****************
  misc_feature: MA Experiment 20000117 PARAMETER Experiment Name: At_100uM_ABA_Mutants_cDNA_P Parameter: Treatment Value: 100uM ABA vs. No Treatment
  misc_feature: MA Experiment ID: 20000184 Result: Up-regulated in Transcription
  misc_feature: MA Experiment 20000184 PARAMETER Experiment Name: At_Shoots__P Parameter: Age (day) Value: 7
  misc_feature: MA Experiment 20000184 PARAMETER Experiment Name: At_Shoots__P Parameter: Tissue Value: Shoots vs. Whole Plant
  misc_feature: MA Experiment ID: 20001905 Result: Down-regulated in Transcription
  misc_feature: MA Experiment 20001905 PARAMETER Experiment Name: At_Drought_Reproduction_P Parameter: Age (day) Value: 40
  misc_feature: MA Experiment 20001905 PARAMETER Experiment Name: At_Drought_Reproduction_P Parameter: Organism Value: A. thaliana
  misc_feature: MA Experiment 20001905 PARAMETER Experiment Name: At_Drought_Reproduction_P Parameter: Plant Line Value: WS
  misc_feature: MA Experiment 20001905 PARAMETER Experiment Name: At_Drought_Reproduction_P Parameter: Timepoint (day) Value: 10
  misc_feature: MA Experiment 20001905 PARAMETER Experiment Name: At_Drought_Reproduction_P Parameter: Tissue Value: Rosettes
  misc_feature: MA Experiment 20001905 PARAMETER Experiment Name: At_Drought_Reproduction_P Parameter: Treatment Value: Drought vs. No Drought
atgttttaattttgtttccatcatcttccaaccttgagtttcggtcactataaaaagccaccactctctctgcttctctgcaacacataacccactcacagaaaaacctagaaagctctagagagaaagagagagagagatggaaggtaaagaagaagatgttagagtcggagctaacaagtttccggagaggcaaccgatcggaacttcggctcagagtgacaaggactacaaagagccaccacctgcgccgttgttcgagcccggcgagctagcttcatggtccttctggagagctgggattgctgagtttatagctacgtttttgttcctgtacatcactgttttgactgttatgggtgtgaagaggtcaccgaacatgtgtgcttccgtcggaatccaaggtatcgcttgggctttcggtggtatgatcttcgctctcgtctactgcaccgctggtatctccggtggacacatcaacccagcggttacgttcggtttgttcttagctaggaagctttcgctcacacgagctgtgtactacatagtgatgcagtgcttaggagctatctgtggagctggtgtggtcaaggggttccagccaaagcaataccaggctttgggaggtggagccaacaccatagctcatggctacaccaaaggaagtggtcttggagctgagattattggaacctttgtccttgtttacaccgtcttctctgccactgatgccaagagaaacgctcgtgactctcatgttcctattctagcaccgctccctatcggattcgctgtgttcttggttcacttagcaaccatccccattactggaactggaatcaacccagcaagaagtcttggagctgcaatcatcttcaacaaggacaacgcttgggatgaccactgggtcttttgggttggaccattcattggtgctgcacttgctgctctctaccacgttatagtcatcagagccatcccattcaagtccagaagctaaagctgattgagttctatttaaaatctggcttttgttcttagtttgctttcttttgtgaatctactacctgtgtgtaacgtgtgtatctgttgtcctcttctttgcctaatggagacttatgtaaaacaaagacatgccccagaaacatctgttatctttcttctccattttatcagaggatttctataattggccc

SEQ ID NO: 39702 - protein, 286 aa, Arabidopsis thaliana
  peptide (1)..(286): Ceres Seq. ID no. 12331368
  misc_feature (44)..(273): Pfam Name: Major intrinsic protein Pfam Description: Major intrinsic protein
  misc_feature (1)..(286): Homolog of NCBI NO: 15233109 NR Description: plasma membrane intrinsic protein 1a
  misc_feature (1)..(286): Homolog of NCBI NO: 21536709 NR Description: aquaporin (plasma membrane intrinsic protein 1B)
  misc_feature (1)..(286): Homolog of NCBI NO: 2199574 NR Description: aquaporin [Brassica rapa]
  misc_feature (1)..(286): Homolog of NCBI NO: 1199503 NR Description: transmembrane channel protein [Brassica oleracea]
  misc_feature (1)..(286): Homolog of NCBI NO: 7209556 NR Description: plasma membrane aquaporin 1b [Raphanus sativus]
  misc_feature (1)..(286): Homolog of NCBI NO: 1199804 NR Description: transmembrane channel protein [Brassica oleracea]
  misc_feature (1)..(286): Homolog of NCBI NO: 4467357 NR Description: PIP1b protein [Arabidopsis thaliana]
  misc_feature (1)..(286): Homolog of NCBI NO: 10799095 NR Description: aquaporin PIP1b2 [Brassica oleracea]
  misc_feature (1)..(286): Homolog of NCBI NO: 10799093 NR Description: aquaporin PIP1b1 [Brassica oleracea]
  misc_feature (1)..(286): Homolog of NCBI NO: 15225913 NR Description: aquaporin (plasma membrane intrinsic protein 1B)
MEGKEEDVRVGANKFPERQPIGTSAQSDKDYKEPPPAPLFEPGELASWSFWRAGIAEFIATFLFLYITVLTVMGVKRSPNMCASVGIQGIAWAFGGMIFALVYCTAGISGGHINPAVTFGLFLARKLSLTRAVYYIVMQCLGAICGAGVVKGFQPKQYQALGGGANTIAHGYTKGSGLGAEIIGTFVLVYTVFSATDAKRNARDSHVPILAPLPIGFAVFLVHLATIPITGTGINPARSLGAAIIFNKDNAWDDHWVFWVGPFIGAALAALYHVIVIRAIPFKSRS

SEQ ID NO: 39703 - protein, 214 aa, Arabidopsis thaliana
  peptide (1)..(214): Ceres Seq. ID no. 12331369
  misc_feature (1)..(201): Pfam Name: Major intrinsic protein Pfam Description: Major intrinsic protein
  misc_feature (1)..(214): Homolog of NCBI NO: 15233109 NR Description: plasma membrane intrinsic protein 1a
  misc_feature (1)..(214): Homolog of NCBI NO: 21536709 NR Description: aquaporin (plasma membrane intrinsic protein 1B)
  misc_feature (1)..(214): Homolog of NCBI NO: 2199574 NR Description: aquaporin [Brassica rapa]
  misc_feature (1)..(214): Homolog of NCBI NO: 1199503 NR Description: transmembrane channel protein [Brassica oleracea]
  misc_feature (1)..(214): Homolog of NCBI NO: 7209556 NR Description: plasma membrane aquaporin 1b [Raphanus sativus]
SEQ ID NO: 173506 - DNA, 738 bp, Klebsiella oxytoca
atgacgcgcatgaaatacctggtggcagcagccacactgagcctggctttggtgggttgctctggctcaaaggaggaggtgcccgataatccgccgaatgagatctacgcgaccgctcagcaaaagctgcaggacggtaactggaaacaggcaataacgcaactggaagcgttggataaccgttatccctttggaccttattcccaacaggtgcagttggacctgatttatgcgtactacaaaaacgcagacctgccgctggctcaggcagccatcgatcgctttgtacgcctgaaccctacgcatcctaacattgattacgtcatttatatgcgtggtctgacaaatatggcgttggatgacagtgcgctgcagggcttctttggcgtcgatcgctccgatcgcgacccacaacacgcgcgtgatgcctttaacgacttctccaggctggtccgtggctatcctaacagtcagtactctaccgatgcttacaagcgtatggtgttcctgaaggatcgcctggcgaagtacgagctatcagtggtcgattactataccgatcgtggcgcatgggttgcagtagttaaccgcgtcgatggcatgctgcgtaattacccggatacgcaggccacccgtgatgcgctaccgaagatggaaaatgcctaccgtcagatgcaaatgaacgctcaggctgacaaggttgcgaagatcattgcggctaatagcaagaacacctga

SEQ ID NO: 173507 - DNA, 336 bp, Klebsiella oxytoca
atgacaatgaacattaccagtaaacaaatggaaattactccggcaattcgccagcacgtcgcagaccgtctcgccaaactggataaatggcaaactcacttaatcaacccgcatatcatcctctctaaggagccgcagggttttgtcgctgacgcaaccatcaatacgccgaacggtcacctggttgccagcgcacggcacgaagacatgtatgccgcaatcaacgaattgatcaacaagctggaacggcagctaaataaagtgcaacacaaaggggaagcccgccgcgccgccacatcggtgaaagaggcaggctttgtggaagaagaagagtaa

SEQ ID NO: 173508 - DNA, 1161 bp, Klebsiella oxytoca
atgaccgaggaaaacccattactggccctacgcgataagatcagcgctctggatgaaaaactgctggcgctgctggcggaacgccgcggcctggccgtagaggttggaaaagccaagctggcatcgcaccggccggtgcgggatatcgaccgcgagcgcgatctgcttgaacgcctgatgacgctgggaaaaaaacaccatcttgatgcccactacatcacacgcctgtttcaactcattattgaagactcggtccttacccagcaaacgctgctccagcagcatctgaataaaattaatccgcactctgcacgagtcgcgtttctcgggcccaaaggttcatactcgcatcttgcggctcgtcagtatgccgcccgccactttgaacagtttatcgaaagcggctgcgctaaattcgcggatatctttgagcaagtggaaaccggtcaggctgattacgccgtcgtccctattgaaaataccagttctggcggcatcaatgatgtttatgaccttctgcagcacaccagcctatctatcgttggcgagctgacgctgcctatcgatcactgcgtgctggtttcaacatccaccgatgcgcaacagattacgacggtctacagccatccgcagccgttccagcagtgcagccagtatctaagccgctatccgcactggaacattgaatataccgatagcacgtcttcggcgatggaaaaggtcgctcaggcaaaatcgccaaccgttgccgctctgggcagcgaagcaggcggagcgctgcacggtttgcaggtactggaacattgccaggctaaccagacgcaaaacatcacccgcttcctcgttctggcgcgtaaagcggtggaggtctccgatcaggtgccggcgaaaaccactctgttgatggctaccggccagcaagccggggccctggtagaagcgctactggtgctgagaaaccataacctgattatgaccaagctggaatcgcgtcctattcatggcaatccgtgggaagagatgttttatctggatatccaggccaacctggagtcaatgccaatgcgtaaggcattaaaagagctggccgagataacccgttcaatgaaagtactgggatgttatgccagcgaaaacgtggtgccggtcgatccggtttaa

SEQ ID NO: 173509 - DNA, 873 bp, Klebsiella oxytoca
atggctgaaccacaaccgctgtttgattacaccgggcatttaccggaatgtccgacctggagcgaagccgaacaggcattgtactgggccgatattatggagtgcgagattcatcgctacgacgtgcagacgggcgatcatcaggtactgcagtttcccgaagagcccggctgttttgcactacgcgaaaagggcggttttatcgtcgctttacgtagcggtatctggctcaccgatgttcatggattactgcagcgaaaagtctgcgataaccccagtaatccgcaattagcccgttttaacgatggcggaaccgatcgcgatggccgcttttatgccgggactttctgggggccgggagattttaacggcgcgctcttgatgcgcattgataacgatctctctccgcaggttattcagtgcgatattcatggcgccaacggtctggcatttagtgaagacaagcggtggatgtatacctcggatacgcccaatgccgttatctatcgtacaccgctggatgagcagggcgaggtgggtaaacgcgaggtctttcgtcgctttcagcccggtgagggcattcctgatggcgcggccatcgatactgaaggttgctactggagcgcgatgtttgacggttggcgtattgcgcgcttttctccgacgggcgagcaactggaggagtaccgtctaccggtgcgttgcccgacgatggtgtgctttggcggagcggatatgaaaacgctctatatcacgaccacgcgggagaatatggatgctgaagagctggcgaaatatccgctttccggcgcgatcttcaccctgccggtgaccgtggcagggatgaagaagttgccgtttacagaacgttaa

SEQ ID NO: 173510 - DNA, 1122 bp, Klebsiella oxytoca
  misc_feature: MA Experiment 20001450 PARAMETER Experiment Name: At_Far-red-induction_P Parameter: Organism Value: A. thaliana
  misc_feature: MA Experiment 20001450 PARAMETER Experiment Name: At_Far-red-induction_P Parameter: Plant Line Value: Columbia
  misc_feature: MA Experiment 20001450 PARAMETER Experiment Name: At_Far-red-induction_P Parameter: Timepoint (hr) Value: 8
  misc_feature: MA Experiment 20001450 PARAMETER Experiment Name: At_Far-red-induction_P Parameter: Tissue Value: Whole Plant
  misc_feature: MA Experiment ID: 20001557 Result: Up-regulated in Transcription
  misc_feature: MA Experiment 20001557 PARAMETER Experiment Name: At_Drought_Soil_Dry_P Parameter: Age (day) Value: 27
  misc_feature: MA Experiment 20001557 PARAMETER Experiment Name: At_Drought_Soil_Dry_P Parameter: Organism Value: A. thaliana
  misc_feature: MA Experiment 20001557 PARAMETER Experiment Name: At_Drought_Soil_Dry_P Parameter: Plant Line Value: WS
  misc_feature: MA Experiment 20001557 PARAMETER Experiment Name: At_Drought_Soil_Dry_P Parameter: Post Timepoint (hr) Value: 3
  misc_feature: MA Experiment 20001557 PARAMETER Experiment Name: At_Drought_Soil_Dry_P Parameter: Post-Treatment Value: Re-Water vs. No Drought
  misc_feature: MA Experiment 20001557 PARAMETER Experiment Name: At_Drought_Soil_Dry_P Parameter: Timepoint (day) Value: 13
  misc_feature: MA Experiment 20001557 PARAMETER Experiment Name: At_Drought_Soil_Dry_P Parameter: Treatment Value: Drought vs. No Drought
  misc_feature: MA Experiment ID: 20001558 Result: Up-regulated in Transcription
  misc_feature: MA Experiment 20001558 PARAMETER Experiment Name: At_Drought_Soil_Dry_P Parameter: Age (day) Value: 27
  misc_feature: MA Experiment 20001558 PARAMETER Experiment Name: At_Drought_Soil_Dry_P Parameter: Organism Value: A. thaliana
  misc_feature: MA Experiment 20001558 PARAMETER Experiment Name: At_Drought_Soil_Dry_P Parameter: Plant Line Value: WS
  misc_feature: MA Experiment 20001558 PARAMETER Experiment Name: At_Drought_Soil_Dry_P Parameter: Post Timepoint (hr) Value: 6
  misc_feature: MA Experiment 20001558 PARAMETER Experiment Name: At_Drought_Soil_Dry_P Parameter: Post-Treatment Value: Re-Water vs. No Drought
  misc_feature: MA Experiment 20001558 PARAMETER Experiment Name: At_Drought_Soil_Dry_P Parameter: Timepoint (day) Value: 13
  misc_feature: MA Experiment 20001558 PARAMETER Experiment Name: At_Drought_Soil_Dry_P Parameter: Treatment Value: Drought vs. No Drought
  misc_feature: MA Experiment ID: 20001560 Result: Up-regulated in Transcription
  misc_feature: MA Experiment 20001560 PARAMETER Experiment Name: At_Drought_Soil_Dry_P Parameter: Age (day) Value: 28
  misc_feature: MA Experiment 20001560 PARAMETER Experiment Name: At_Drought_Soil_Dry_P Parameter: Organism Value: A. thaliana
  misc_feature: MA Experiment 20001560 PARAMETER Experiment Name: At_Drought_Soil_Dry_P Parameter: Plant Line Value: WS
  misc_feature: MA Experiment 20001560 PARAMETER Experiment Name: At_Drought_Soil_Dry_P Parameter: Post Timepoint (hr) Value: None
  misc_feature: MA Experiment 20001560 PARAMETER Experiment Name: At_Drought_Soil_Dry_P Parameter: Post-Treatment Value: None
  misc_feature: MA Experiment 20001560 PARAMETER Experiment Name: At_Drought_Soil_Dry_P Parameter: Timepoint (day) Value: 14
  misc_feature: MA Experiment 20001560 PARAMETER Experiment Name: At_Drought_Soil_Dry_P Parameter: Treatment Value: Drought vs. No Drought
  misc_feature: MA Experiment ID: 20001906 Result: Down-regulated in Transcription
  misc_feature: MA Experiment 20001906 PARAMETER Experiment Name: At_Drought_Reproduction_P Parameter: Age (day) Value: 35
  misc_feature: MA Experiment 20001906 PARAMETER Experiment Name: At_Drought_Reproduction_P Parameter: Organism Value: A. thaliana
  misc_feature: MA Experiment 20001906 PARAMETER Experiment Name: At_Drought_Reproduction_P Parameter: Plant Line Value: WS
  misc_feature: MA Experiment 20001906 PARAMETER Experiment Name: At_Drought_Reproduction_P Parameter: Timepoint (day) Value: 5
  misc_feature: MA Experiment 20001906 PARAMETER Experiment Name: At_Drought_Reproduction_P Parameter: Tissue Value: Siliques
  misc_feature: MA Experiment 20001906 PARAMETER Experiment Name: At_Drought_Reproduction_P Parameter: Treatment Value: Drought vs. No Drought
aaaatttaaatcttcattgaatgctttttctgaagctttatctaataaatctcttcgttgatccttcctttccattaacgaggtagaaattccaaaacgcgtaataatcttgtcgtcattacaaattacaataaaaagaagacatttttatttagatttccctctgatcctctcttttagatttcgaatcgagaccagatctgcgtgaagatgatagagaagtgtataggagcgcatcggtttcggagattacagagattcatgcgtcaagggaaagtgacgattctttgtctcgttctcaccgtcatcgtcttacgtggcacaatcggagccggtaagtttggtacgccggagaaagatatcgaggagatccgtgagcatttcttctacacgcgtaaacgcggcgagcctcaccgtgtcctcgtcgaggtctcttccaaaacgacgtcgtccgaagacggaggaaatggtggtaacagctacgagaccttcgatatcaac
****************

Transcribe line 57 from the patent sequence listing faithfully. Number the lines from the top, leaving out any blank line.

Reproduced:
  misc_feature: MA Experiment 20001558 PARAMETER Experiment Name: At_Drought_Soil_Dry_P Parameter: Age (day) Value: 27